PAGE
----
Updated: Jul 9
Old-fashioned cuisine from around the world always starts with a good stock or broth. And if you ask me, the king of all stocks is beef stock. Its deep, rich flavor can be achieved with just a few ingredients, and it’s so versatile. This magical liquid is easily produced by simmering bones and vegetables along with aromatics in water. Beef stock is not only easy to make, but it’s also easy to freeze. If you’re anything like me, you’ll soon be making space for it in your freezer so you always have some on hand. You won’t regret it once you taste the soups and stews made out of this stock!
Broth/Stock is the New Juice
There are so many health benefits in beef stock. It contains minerals, collagen, amino acids, and healthy fats. These days, many health experts recommend consuming beef stock on a daily basis. While you can certainly get some at a store, homemade stocks and broths will be of much better quality. Stock that you buy in a carton at the store will have shelf-stable mystery ingredients that may not be the best for you. Even organic ones sometimes contain unnecessary ingredients. Making your own stock means you know exactly what is in it.
Stock vs Broth
The difference between stock and broth is that broths are made with meat and bones, whereas stocks are made with bones only and take much longer to cook.
Prep Time: 15 minutes
Roasting Time: 50-60 minutes
Simmering Time: 8 hours
Total Time: 9 hours 15 minutes
Author: Inna of innichkachef.com
8-9 pounds bone marrow or knuckles (washed)
6 quarts water
Mirepoix Ingredients (vegetables for seasoning)
2 carrots, cut in half
1 large onion, cut into large chunks
2 stalks celery, cut in half
Bouquet Garni Ingredients (herbs & spices for seasoning)
Few bay leaves (fresh or dry)
2 tablespoons salt
Few sprigs fresh thyme
1 tablespoon whole black peppercorns
1-2 tablespoons tomato paste
1/2 tablespoon whole allspice (optional)
1 chili pepper (optional)
Bundle of parsley (stems only)
Few sprigs rosemary (optional)
When making beef stock, make sure your beef comes from grass-fed cows. Grass pasture beef contains more omega-3 than some fish! No wonder some countries that are geographically far from the sea historically ate only meat but still maintained good health.
Marrow or knuckle bones are more common to use for stock, but really any bones will work.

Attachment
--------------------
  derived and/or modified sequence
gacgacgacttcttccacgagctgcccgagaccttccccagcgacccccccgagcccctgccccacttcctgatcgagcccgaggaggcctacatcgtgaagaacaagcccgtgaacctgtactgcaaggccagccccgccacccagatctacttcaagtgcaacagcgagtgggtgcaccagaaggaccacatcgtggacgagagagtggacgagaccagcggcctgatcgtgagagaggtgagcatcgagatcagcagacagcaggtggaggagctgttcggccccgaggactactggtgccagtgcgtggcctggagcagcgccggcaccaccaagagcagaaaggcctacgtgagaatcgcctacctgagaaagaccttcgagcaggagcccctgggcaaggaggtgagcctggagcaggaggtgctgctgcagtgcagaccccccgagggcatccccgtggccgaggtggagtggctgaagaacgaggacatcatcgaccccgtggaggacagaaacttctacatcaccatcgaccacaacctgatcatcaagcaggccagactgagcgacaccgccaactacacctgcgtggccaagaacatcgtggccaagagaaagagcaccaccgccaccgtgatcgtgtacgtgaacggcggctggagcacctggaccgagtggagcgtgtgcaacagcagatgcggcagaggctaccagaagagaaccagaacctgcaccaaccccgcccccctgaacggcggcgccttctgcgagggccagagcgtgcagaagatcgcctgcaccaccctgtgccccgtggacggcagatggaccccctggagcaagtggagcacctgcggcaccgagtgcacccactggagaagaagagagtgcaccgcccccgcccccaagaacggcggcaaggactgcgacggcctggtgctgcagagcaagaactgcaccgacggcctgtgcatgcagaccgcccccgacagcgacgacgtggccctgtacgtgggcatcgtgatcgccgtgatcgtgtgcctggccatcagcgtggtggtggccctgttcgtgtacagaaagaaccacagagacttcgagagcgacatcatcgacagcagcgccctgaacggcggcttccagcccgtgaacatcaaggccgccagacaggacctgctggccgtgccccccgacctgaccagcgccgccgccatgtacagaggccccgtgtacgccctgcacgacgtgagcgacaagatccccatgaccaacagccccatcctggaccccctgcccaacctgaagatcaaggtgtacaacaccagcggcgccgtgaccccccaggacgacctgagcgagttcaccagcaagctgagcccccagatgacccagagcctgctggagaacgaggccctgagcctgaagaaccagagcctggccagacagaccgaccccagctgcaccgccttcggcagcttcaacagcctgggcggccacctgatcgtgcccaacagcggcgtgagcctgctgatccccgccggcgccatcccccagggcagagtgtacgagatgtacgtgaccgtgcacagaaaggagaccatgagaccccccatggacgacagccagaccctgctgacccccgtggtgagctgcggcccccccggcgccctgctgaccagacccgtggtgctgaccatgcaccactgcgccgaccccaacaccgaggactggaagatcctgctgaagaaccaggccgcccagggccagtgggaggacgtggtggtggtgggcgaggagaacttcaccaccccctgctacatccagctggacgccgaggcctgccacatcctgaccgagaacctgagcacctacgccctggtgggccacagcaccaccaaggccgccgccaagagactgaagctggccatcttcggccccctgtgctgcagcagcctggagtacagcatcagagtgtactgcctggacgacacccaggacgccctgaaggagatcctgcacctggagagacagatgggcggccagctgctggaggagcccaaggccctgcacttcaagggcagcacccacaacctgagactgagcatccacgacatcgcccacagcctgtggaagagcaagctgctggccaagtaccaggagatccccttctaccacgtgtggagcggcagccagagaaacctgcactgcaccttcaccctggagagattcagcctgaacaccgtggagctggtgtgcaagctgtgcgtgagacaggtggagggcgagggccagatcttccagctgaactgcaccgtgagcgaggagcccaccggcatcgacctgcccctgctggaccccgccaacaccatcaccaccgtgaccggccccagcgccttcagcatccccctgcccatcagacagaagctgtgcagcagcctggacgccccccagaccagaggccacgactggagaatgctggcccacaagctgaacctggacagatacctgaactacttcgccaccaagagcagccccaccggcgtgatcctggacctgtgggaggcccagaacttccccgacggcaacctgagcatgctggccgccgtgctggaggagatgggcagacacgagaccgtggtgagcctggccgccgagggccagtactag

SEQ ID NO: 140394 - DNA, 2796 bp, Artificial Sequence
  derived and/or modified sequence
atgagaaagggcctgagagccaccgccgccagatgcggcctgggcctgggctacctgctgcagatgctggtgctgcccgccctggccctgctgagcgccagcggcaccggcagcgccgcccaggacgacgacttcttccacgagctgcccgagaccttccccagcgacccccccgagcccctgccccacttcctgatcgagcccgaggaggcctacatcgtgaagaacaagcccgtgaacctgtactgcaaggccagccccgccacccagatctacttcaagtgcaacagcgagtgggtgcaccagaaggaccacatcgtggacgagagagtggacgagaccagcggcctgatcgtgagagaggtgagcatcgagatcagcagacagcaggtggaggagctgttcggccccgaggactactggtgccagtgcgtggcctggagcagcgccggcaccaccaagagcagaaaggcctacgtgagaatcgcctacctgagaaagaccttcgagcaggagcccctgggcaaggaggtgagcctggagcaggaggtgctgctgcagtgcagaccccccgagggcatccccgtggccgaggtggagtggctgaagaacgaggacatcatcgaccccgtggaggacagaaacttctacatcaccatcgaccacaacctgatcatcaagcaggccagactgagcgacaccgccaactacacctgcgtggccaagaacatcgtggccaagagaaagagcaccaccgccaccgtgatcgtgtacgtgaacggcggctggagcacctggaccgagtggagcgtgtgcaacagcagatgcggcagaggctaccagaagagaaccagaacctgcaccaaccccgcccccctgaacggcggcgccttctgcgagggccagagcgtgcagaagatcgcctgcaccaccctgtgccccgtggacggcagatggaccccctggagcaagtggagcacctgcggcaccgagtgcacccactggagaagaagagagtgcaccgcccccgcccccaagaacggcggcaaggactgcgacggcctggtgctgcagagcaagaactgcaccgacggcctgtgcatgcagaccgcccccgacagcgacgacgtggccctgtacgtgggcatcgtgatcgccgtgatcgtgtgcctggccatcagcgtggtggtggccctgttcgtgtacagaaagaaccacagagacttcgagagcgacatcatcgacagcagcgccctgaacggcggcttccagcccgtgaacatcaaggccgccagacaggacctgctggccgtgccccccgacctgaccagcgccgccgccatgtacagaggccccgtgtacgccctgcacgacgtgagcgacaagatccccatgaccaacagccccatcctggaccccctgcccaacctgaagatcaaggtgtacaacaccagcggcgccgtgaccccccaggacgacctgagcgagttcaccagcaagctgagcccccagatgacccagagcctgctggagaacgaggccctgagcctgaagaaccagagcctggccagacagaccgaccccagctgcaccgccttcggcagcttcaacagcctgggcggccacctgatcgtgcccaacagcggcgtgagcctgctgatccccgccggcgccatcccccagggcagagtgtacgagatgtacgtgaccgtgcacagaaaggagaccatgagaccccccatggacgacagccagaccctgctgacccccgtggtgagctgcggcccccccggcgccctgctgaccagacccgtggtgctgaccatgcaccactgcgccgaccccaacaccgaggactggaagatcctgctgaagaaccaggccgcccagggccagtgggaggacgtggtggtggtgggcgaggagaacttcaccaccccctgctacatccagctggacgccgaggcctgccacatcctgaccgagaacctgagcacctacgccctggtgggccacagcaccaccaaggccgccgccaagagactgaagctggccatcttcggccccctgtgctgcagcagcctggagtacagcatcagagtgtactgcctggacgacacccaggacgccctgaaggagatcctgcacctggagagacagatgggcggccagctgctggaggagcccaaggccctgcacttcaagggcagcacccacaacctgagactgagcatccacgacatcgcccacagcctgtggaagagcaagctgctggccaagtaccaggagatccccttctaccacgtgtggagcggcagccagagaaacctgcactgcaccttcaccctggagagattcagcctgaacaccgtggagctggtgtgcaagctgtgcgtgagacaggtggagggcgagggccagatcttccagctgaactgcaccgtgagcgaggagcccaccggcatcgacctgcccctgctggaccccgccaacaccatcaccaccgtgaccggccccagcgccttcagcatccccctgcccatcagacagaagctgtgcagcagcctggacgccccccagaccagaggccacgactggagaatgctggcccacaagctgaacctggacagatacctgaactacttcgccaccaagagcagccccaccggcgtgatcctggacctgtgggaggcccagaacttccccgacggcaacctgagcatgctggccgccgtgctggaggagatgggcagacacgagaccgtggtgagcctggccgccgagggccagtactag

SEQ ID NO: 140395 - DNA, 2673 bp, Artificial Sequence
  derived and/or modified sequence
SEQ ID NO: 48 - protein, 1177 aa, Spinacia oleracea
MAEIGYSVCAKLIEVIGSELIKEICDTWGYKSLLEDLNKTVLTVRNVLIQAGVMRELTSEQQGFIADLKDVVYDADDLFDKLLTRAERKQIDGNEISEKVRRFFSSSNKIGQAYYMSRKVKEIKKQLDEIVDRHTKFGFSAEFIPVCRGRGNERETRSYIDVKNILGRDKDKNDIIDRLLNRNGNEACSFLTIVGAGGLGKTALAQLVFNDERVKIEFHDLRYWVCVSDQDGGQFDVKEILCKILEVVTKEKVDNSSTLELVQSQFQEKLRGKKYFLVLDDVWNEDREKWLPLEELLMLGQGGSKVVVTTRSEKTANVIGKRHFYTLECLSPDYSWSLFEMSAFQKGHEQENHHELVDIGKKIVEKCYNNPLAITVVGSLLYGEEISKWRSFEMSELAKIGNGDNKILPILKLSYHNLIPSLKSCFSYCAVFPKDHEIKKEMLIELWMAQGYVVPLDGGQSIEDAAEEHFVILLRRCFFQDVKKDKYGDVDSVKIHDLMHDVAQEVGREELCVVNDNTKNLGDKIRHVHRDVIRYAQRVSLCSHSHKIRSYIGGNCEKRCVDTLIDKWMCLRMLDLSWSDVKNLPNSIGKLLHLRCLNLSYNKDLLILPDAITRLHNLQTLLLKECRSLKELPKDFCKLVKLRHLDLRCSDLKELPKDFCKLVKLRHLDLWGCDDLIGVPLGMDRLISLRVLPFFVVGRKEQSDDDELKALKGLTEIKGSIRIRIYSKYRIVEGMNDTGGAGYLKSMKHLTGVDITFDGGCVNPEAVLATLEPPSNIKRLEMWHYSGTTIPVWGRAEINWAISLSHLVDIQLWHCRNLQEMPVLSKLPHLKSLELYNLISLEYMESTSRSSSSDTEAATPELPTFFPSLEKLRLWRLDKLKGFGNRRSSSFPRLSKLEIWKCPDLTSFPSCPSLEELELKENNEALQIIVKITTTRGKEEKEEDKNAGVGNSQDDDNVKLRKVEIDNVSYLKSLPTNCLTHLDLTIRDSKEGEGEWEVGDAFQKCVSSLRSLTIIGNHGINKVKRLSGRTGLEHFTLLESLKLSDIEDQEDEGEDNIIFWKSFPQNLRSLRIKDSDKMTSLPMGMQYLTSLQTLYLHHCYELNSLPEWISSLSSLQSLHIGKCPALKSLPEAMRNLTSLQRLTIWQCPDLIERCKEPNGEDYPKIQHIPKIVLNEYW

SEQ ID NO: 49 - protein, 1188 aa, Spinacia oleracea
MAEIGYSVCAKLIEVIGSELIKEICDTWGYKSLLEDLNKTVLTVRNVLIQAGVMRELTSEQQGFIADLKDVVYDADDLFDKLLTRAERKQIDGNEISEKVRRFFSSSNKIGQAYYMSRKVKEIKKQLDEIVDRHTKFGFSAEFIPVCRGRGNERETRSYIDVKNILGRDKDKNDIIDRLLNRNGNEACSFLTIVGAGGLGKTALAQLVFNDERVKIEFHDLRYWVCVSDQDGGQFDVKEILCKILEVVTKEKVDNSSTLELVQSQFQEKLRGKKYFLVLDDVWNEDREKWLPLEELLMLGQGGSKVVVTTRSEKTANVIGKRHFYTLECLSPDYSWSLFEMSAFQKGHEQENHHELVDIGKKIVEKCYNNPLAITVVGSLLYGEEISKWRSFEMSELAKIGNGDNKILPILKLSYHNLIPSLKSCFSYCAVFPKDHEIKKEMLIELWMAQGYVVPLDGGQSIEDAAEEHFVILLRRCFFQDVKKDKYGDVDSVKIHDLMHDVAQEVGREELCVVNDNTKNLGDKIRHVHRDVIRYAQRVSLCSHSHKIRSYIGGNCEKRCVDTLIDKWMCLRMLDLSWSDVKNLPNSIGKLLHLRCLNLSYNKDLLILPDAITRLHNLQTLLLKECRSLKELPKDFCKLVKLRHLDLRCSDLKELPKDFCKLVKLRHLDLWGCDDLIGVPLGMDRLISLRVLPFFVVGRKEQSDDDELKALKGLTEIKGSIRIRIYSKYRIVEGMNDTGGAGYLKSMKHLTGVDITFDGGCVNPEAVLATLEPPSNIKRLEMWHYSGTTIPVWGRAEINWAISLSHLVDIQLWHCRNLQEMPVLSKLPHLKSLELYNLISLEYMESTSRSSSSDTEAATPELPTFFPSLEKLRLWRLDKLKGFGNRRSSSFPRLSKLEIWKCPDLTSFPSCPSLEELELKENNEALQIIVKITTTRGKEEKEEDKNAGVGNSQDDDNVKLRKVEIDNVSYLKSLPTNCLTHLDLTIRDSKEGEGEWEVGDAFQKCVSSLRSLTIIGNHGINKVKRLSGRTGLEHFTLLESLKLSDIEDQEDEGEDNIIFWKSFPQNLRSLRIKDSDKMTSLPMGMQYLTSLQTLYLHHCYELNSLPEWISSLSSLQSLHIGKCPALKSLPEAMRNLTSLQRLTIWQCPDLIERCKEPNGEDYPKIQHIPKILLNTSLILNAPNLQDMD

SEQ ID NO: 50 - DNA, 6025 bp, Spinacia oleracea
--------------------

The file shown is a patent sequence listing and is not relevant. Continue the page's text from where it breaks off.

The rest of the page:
The quality of water matters. Chlorinated water should be filtered before use.
The vegetables don’t have to be an exact size. Just eyeball them, and it should be about 50% onions, 25% carrots, and 25% celery.
1. Roast the bones. To do this, put the bones on a baking sheet and then generously sprinkle salt on them. Put them in the oven at 400F for 50-60 minutes. Turn them over halfway through so they brown evenly.
2. Remove the bones from the baking sheet and put them in a big pot. Set aside the black bits left behind from roasting to add in later.
3. Cover the bones with cold water. You don’t want to cover the bones by more than 2 inches. Generally it’s about 6 quarts of water for 8 pounds of bones.
4. Add the mirepoix (see note above), tomato paste, and bouquet Garni (see note above) and stir.
5. Cover and bring to a simmer. Simmer for 8 hours.
6. If you're not ready to use the stock yet, freeze in a freezable containers or pour it into silicon molds and freeze until solid. Store the frozen stock in a zip lock bag in your freezer until you need it.
The black bits found on the bottom of the roasting pan are called “fond.” It’s a fancy French term for the caramelized drippings of meat or vegetables (it should add flavor to the final dish, so don’t get rid of it).
Simmering and not boiling is essential to having clear stock.
After the first half hour of simmering you may notice some foam rise to the top. This should be removed because “it tastes nasty” and also clouds the stock. The clearer the stock, the longer its shelf life.